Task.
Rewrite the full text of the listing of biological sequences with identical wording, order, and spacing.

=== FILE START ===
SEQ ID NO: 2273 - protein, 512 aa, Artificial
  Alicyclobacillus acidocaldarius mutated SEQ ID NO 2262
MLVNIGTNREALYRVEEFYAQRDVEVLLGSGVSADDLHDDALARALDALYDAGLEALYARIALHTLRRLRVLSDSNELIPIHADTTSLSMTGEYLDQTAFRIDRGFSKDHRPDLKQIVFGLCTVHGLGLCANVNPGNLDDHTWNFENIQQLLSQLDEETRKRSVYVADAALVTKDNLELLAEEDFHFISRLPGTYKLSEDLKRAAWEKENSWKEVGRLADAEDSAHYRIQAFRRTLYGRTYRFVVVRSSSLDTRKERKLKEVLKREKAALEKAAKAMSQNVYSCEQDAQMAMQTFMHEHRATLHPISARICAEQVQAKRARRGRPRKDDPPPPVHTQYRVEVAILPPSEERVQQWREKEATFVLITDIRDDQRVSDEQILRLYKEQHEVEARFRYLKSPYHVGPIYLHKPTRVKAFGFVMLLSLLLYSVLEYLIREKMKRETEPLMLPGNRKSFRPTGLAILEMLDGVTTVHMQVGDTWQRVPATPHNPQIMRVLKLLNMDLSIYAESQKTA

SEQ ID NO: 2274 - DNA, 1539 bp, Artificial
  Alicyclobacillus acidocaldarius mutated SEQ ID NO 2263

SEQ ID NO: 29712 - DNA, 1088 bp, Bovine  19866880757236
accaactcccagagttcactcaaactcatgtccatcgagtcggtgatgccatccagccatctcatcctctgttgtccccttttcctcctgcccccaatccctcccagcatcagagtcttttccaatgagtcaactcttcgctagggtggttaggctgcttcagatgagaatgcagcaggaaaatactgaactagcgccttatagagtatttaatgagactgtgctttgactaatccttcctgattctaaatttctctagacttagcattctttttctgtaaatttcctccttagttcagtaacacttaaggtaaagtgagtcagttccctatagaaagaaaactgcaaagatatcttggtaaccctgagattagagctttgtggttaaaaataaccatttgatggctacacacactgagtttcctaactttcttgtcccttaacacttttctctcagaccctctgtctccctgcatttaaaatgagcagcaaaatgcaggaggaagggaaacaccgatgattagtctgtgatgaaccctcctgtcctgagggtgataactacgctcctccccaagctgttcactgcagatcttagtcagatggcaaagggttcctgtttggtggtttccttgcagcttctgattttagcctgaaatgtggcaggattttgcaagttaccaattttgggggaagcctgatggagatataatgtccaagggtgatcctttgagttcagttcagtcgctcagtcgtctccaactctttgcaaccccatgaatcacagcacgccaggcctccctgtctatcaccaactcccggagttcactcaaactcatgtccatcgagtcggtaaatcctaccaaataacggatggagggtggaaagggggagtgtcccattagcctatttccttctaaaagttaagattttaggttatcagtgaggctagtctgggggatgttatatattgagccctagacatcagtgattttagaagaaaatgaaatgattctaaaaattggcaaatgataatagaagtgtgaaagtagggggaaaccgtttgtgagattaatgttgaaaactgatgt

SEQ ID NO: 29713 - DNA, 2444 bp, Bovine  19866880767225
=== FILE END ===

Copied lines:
SEQ ID NO: 2273 - protein, 512 aa, Artificial
  Alicyclobacillus acidocaldarius mutated SEQ ID NO 2262
MLVNIGTNREALYRVEEFYAQRDVEVLLGSGVSADDLHDDALARALDALYDAGLEALYARIALHTLRRLRVLSDSNELIPIHADTTSLSMTGEYLDQTAFRIDRGFSKDHRPDLKQIVFGLCTVHGLGLCANVNPGNLDDHTWNFENIQQLLSQLDEETRKRSVYVADAALVTKDNLELLAEEDFHFISRLPGTYKLSEDLKRAAWEKENSWKEVGRLADAEDSAHYRIQAFRRTLYGRTYRFVVVRSSSLDTRKERKLKEVLKREKAALEKAAKAMSQNVYSCEQDAQMAMQTFMHEHRATLHPISARICAEQVQAKRARRGRPRKDDPPPPVHTQYRVEVAILPPSEERVQQWREKEATFVLITDIRDDQRVSDEQILRLYKEQHEVEARFRYLKSPYHVGPIYLHKPTRVKAFGFVMLLSLLLYSVLEYLIREKMKRETEPLMLPGNRKSFRPTGLAILEMLDGVTTVHMQVGDTWQRVPATPHNPQIMRVLKLLNMDLSIYAESQKTA

SEQ ID NO: 2274 - DNA, 1539 bp, Artificial
  Alicyclobacillus acidocaldarius mutated SEQ ID NO 2263

SEQ ID NO: 29712 - DNA, 1088 bp, Bovine  19866880757236
accaactcccagagttcactcaaactcatgtccatcgagtcggtgatgccatccagccatctcatcctctgttgtccccttttcctcctgcccccaatccctcccagcatcagagtcttttccaatgagtcaactcttcgctagggtggttaggctgcttcagatgagaatgcagcaggaaaatactgaactagcgccttatagagtatttaatgagactgtgctttgactaatccttcctgattctaaatttctctagacttagcattctttttctgtaaatttcctccttagttcagtaacacttaaggtaaagtgagtcagttccctatagaaagaaaactgcaaagatatcttggtaaccctgagattagagctttgtggttaaaaataaccatttgatggctacacacactgagtttcctaactttcttgtcccttaacacttttctctcagaccctctgtctccctgcatttaaaatgagcagcaaaatgcaggaggaagggaaacaccgatgattagtctgtgatgaaccctcctgtcctgagggtgataactacgctcctccccaagctgttcactgcagatcttagtcagatggcaaagggttcctgtttggtggtttccttgcagcttctgattttagcctgaaatgtggcaggattttgcaagttaccaattttgggggaagcctgatggagatataatgtccaagggtgatcctttgagttcagttcagtcgctcagtcgtctccaactctttgcaaccccatgaatcacagcacgccaggcctccctgtctatcaccaactcccggagttcactcaaactcatgtccatcgagtcggtaaatcctaccaaataacggatggagggtggaaagggggagtgtcccattagcctatttccttctaaaagttaagattttaggttatcagtgaggctagtctgggggatgttatatattgagccctagacatcagtgattttagaagaaaatgaaatgattctaaaaattggcaaatgataatagaagtgtgaaagtagggggaaaccgtttgtgagattaatgttgaaaactgatgt

SEQ ID NO: 29713 - DNA, 2444 bp, Bovine  19866880767225